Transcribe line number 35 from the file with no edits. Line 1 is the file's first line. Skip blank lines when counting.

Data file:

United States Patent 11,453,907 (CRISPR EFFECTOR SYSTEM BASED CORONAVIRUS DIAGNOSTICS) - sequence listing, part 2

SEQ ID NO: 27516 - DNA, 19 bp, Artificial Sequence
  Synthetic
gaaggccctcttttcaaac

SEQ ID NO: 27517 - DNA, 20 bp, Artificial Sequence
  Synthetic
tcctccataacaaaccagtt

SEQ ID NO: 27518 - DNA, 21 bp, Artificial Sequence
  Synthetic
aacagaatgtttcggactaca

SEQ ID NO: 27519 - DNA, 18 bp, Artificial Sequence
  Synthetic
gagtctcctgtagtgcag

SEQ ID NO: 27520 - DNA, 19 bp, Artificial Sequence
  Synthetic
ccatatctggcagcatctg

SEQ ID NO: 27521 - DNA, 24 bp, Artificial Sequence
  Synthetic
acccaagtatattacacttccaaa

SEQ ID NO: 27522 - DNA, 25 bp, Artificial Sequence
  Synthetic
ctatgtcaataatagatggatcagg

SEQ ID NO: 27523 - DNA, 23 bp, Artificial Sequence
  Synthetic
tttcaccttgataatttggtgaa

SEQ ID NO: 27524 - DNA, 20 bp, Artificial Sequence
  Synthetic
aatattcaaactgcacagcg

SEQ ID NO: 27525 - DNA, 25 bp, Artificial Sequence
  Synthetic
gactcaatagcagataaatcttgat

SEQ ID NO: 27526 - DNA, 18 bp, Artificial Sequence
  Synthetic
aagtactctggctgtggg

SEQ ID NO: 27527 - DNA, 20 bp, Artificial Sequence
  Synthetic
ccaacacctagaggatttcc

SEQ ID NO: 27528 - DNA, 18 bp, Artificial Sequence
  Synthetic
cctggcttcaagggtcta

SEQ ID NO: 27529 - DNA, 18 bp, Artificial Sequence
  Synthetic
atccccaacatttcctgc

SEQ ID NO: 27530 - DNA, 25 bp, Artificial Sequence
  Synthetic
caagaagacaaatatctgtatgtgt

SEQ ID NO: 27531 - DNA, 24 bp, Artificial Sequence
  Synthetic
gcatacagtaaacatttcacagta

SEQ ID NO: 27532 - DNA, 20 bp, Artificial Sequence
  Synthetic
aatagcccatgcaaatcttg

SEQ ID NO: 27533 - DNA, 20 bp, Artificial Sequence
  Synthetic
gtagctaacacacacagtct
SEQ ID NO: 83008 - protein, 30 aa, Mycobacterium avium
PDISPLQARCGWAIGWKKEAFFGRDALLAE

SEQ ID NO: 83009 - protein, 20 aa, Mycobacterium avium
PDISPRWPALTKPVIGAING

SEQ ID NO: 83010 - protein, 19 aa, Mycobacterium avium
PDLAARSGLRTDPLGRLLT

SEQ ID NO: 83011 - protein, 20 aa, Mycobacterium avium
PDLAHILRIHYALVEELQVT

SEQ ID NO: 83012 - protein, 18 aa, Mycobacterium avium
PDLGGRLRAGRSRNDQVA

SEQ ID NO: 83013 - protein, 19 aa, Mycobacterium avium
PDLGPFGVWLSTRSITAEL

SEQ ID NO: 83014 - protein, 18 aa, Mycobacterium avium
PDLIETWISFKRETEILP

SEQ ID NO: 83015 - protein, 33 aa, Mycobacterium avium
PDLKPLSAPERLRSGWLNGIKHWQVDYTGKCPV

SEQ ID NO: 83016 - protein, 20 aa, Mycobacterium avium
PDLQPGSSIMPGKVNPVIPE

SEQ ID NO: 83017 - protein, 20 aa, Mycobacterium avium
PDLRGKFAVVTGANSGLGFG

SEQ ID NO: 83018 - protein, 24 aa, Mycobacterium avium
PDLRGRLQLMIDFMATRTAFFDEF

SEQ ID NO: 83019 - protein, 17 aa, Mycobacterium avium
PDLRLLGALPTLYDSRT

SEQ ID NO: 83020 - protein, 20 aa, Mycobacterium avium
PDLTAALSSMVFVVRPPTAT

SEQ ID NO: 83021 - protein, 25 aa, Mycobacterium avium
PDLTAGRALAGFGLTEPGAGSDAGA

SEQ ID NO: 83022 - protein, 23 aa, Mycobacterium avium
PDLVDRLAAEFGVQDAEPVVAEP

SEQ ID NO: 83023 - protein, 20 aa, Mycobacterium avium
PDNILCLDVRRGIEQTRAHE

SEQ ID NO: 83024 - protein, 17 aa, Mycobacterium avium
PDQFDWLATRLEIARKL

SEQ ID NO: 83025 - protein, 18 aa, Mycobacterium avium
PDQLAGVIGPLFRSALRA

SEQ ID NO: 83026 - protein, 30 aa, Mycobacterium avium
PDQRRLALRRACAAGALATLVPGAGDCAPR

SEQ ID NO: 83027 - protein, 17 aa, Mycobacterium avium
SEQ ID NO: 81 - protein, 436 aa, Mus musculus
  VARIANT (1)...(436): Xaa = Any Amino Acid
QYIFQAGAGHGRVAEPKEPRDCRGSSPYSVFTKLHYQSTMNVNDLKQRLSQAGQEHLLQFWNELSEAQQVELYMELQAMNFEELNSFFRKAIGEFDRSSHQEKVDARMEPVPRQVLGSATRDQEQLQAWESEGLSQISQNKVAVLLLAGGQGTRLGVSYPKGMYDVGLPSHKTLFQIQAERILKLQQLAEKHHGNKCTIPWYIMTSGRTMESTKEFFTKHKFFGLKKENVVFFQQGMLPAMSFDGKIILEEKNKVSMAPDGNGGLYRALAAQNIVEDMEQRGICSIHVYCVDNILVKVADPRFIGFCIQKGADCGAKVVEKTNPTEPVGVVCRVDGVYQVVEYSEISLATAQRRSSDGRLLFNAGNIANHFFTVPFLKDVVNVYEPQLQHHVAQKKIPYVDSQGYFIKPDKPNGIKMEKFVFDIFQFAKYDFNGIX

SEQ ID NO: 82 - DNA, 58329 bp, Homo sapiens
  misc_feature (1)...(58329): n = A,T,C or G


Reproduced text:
SEQ ID NO: 27527 - DNA, 20 bp, Artificial Sequence